Make It A Game

When your kids are young it is important that you keep sport fun.

You might think, “Well it’s a game… it’s going be fun regardless.
This is simply not true.

We have all been to the soccer fields where 5-year-old girls are running around like a swarm of bees and there are parents on the side YELLING their brains out at these girls… WHAT??? Think back to when you were 4 or 5 years old, well at least give it a try. You didn’t care about the things that you care about now. Little kids don’t care about “perfect form” or the intricacies or rules to the game. Instead, they want simple and fun. I noticed this with my girls when they were 4 and 6 as I brought home authentic Baden game balls. It was time to get serious, right???

They quickly taught me that they didn’t want these “game balls”, instead they wanted sparkly, pink ones. Also, they didn’t want to run around the track within their lanes working on their “form”, they wanted to play tag, running in all sorts of crazy directions. The game of tag may not seem like a BRILLIANT way of working on foot speed and fast twitch muscles, but when your kids are young… it actually might be the best way to have fun while growing in these areas as an athlete.

I recently talked to a high school football coach who implemented the game of tag at the end of his practice as their conditioning time and he said that it was the BEST conditioning they had done all year.

We decided to get creative by taking an old mattress and setting it up against the wall so that we could kick the soccer ball into the wall. Instead of “real” skill training with cones and turf we are simply making up fun games together that include the soccer ball and a mattress. Little do the girls know, they ARE working on their skills and they ARE having the opportunity to fall in love with sport.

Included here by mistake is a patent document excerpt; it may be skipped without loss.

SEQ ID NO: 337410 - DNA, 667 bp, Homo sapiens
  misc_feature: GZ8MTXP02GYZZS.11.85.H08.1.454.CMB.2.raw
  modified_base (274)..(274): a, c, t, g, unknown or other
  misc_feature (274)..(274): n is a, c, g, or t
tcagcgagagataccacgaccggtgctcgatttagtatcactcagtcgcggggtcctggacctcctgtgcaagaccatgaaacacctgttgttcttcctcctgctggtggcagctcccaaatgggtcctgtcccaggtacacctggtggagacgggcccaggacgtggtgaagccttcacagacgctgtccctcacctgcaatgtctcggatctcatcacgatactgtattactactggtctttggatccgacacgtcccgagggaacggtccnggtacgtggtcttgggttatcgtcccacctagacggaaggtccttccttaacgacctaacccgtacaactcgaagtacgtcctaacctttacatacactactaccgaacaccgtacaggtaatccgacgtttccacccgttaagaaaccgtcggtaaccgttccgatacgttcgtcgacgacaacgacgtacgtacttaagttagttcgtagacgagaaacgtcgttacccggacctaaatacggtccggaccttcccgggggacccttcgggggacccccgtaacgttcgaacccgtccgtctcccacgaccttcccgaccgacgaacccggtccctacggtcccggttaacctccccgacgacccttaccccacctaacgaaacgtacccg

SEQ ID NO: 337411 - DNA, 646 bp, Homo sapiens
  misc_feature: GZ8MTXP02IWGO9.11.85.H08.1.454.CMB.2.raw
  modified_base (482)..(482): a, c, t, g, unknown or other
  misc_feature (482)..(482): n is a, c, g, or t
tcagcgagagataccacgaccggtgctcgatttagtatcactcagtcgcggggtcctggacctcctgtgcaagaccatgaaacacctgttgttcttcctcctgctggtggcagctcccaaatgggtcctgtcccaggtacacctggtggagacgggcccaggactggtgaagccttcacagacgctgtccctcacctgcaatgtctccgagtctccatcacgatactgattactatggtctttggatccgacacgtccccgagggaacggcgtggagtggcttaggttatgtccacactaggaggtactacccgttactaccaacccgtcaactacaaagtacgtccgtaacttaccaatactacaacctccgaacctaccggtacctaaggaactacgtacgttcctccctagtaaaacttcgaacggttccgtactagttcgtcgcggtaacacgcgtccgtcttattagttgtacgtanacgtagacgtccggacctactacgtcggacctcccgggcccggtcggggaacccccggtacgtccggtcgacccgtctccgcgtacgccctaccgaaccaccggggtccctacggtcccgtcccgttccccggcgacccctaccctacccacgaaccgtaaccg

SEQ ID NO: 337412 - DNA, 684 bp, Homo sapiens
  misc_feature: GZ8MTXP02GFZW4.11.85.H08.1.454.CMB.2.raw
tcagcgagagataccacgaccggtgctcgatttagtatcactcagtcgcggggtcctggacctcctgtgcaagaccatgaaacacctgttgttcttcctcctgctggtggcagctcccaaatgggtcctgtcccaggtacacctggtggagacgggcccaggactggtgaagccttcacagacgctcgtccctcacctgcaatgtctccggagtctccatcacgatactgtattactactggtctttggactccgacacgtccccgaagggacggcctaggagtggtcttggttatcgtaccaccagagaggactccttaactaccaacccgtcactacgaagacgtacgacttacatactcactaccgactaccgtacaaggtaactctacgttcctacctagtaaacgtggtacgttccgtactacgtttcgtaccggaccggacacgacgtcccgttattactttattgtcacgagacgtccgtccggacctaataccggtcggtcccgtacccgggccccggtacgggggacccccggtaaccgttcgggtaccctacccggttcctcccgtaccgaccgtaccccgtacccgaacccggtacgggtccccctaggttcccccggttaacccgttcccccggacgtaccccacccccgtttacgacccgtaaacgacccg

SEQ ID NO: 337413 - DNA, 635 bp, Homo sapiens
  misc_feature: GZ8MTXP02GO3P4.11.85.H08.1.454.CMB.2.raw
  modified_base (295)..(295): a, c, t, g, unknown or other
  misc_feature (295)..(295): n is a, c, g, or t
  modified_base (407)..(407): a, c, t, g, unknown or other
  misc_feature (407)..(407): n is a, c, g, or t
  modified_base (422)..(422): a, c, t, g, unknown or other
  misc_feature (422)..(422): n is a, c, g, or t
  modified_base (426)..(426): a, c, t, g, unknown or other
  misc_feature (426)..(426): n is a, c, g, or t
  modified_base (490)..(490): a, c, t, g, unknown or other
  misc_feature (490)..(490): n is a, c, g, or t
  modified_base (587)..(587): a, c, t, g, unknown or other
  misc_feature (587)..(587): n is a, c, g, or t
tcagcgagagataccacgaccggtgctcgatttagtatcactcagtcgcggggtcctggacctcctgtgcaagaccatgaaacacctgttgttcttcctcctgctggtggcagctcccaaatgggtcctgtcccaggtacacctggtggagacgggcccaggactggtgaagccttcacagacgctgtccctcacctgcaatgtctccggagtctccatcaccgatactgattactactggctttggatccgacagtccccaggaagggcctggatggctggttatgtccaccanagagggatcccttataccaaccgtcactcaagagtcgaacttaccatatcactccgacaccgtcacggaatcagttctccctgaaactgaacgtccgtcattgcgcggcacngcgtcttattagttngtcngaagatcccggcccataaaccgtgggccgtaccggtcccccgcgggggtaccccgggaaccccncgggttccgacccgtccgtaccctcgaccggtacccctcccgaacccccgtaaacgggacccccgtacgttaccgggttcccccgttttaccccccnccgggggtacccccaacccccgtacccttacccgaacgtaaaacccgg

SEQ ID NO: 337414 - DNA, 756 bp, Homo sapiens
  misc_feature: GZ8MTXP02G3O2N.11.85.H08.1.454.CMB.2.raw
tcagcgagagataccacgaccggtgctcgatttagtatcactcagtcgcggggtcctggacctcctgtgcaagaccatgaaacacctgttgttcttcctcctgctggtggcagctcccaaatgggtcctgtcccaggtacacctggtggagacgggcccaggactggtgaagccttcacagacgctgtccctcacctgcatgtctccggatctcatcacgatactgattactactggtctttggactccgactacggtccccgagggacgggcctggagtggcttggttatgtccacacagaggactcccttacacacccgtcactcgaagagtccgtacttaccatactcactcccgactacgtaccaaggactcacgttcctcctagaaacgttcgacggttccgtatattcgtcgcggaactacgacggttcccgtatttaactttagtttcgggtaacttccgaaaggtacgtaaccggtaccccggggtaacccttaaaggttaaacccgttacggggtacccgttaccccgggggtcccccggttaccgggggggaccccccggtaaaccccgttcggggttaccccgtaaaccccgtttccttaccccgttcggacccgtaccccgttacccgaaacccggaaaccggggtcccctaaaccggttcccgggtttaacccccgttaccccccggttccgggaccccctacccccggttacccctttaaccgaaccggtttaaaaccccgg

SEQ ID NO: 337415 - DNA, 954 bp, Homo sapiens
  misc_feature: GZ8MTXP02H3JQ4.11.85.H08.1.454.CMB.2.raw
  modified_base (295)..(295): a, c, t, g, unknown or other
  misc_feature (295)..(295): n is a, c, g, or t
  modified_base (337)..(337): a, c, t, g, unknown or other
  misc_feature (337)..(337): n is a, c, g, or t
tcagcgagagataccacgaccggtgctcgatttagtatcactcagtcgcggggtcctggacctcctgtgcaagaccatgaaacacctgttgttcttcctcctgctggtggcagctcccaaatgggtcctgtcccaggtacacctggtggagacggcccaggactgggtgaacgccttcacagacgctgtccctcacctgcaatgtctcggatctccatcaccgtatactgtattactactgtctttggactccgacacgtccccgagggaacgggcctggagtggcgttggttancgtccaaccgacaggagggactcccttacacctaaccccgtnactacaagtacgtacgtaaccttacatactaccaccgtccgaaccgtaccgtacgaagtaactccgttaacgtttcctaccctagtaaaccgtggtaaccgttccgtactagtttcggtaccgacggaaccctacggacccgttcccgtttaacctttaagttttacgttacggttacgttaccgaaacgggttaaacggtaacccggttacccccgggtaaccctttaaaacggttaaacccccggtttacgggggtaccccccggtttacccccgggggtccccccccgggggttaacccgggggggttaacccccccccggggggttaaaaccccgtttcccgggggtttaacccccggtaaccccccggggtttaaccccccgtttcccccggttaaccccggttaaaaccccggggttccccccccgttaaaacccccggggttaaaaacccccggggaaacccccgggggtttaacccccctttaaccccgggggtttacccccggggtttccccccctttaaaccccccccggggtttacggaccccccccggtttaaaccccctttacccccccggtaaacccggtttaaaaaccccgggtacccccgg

It is important that your kids have a GREAT first experience with sport. Let’s take basketball for example. Imagine that your 6-year-old daughter is on the playground and a 8 year old boy playing basketball passes her the ball. The ball smashes into her face because she wasn’t ready for it and before you know it she is SUPER embarrassed as tears are running down her face and she has to sheepishly walk away from the situation while the older boys laugh, like 8-year-old boys do. THIS is a BAD first experience and one that we as parents can help prevent.

Teach your youngsters to catch the ball with their thumbs facing each other, turning their thumbs and index fingers into an extended triangle. Encourage them to “see the ball” all the way into the triangle and to keep the triangle extended well in front of their face. Start with a large, soft ball and slowly implement a real ball when their confidence rises. Make up fun counting games and try to beat your record as a team together. Chest pass, bounce pass, overhead pass, push pass etc. HAVE FUN WITH IT and give your youngsters the ability to be ready for the 8-year-old boy on the playground. Imagine if your daughter or son was able to catch that pass and everyone around responded with “wow” instead of laughter. That would definitely help with their first experience with sport.